Springsure cattle producers Adele and Dave O’Connor have become the first graziers in Queensland to have their Grazing Best Management Practice (BMP) accreditation renewed.
Queensland Department of Agriculture and Fisheries extension officer Matt Brown said the O’Connors first got involved in the BMP program in 2010 and were part of a group of 10 producers who trialled the original modules.
Formed in 2010, Grazing Best Management Practice Program (Grazing BMP) was developed to assist the grazing industry in improving environmental, ethical and economic factors, as well as assisting in the productivity, profitability and sustainability of enterprises.
Grazing BMP is a self-assessment system used by graziers to benchmark their management practices against standards set by industry utilising best available science.
This process helps graziers to benchmark their practices with confidentiality, compare their performance within the industry and identify opportunities for further improvement. The aggregated information created from these self assessments is collated for promoting industry performance and stewardship to the supply chain, governments and wider community.
The Grazing BMP website says there are now 1650 grazing BMP accredited business on 2050 properties.
Mr Brown said he was delighted to see the O’Connors come back for a second audit to gain a renewed accreditation.
“This shows the benefits of BMP accreditation to graziers, with the O’Connors leading the way and now gaining access to new markets” he said.
Adele O’Connor’s family have held the property ‘Mountain View’ near Springsure for over 100 years. The 6474 hectares property is used as a breeding and fattening operation and is currently stocked with 600 head of cattle, which includes 300 breeders.
“The BMP modules cover a wide range of topics and over the years we have found them to be really useful. So we had no hesitation in going back this year to complete our second accreditation process, which is required every three years,” said Adele.
“Not only have we learnt more about our land and how to plan grazing management, but we have been able to collect the evidence required for animal welfare and grazing land management practices that are required for organic certification and we now have a doorway into this market.”
Being accredited as organic producers has allowed the family to supply the premium organic market with beef, as well as supplying local buyers with organic lamb.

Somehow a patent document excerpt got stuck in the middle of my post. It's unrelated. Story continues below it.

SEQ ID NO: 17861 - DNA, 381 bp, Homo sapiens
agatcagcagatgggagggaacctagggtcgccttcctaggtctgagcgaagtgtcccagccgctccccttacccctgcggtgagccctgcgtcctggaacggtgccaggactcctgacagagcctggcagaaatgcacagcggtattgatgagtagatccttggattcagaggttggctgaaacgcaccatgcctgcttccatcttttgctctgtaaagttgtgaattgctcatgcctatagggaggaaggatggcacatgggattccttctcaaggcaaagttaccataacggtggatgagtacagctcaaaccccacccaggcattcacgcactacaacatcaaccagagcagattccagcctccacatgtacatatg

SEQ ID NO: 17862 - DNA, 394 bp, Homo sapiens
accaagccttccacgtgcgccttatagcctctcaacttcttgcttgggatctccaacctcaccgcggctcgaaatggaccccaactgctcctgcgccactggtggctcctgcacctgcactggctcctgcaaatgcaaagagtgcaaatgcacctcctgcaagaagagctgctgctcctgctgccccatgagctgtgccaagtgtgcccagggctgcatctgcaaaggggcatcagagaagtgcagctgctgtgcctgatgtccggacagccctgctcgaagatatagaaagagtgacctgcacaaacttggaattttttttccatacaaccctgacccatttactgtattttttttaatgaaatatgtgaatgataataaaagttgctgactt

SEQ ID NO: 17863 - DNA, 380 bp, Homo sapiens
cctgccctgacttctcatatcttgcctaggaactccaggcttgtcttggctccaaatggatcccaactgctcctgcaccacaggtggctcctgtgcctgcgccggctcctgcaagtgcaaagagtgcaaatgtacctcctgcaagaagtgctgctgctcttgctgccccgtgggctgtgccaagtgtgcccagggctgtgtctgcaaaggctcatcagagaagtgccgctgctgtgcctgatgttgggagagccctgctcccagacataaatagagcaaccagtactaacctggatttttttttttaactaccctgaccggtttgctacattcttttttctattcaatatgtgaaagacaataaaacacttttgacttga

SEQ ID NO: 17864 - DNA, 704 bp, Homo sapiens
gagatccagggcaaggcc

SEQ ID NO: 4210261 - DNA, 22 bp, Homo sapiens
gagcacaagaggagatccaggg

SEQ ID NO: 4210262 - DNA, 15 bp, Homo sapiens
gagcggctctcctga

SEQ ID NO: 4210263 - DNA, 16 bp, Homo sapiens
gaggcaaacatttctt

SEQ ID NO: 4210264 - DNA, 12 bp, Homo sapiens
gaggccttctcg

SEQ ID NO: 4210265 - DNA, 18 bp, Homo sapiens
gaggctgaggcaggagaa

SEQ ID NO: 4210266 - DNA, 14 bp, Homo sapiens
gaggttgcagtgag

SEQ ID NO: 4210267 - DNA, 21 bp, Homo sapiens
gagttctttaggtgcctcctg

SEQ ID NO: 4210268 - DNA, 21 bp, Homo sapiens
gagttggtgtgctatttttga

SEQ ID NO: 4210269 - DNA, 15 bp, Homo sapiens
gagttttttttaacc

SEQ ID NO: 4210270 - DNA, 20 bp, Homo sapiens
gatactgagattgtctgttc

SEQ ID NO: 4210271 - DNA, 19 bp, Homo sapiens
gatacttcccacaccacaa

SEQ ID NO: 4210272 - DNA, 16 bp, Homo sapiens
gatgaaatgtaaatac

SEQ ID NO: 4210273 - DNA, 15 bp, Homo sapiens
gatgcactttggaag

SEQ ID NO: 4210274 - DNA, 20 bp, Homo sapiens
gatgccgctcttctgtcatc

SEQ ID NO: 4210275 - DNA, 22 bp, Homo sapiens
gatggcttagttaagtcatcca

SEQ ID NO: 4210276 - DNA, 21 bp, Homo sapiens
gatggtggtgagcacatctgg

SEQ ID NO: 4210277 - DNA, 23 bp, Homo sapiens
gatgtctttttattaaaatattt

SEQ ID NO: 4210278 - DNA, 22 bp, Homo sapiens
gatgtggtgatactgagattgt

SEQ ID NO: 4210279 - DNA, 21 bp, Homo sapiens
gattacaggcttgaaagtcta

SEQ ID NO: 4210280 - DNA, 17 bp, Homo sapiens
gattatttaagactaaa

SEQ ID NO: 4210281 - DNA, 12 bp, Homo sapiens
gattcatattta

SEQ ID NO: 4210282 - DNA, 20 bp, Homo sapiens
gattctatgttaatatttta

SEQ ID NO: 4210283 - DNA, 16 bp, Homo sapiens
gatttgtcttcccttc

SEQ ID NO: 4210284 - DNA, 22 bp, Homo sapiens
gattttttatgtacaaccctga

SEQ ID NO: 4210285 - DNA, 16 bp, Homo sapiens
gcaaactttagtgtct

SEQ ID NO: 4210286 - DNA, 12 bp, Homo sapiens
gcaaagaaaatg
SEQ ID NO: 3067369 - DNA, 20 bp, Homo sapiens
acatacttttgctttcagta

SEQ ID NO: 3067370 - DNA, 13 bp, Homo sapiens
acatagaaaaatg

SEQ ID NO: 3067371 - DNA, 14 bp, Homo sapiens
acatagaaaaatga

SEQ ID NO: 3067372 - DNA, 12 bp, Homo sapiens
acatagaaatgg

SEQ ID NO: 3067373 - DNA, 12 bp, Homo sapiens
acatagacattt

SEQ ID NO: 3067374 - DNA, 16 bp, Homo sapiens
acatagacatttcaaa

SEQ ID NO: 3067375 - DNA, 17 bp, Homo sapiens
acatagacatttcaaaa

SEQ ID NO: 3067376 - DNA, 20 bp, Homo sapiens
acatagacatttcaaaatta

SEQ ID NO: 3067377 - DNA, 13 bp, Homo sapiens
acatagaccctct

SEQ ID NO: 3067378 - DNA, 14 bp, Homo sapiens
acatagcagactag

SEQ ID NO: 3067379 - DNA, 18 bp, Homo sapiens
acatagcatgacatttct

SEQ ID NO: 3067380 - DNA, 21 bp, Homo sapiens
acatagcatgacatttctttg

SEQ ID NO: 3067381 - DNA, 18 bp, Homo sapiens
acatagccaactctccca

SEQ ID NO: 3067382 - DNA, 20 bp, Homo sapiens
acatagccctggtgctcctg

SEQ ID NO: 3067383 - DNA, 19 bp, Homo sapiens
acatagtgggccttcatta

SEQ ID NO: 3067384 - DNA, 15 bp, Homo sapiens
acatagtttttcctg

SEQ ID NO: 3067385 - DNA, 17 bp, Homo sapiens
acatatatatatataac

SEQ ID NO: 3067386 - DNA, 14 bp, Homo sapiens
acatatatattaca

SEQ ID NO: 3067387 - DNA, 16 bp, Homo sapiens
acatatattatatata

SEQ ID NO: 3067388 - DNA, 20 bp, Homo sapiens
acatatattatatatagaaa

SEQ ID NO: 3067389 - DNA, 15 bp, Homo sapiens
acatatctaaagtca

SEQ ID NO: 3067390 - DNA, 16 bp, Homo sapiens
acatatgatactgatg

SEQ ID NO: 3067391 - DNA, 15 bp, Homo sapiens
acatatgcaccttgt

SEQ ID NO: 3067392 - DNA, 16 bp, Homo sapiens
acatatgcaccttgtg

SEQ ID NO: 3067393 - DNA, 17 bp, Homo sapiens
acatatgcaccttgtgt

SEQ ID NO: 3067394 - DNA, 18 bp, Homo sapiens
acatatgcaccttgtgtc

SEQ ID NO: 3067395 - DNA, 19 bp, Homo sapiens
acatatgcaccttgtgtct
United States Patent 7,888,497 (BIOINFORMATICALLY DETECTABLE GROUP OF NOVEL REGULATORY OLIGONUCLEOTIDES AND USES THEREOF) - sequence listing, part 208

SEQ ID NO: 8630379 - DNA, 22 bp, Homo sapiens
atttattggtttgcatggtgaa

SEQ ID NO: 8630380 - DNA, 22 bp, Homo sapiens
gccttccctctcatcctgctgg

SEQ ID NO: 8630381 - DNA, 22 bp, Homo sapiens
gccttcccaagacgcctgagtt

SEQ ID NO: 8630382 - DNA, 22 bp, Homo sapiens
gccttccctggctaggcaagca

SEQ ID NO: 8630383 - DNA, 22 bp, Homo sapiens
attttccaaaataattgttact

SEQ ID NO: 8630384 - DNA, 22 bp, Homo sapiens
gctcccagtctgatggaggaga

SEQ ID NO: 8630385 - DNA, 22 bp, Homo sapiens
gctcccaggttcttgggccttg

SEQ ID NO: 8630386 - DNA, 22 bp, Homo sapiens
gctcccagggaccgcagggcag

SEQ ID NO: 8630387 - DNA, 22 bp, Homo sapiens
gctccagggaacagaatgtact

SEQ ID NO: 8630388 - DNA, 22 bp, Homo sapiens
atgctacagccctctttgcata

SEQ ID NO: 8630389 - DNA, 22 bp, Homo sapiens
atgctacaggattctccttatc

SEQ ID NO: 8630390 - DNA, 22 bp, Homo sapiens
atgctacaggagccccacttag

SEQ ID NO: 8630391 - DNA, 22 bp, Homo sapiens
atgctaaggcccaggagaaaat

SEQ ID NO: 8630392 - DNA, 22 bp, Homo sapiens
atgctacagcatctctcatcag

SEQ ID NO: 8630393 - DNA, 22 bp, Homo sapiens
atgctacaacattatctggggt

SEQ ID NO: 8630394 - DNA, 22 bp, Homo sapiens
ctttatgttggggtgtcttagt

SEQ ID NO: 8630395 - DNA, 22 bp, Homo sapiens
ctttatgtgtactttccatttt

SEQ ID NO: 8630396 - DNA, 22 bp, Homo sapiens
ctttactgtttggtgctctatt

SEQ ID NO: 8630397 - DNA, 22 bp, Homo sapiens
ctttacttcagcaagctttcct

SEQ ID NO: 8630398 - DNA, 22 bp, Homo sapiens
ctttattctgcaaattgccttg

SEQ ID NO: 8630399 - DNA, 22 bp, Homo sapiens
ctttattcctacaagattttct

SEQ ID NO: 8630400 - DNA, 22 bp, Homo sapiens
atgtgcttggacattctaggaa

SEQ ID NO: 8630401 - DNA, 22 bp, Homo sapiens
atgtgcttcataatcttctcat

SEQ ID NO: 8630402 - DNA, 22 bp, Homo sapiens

Traditionally the property has run Poll Hereford cattle, with the younger generation of the family introducing Bos indicus bulls including Brahmans and Brafords to increase the tick resistance of the breeders. This has assisted in the property gaining its organic status, as well as the adoption of rotational grazing helping to break the tick cycle.
Dave O’Connor said that they developed the time controlled grazing system about five years ago and since adopting this grazing system, the ground cover has been consistently over 83% across all land types on the property.
“Steers are turned off at 500kg with milk to two teeth to AOM (Australian Organic Meats), as well as heifers that fail to conceive a calf. The cattle are mainly managed in one or two mobs, with dry cattle being separated from the breeder mob at pregnancy testing,” said Dave.
“Land condition is monitored and assessed when cattle are moved from each paddock. The aim is to keep the land condition in B condition, with eroded areas fenced off to ensure that the ground cover re-establishes and does not occur any more damage. Grazing charts are also used as a tool to pasture budget into the future. Approximately 90-100 spell days are implemented between grazing cycles for paddocks.
“Since becoming involved in grazing BMP seven years ago, we have seen our business expand into a number of new markets. By utilising the tools we have gained through BMP we are also able to identify future growth opportunities and plan and budget accordingly.”
One of the key learnings for the O’Connor’s was the importance of good documentation in the grazing business.
“We keep very detailed records on pasture monitoring and feed budgeting, occupational health and safety procedures and animal welfare statements,” said Adele.
Matt Brown explained that producers have to nominate themselves to go through the accreditation process and that it is entirely voluntary.
“Graziers who wish to utilise the Grazing BMP accreditation to endorse their performance need to have completed the modules and to have benchmarked themselves against industry standard. We can then work with the individual grazier to help them meet the requirements of an external auditor,” said Matt.
“Gaining Grazing BMP accreditation helps graziers with supply chain opportunities and it provides formal recognition that the business and natural resources are being managed to a high standard,” Matt explained.
More detail on Grazing BMP at its website here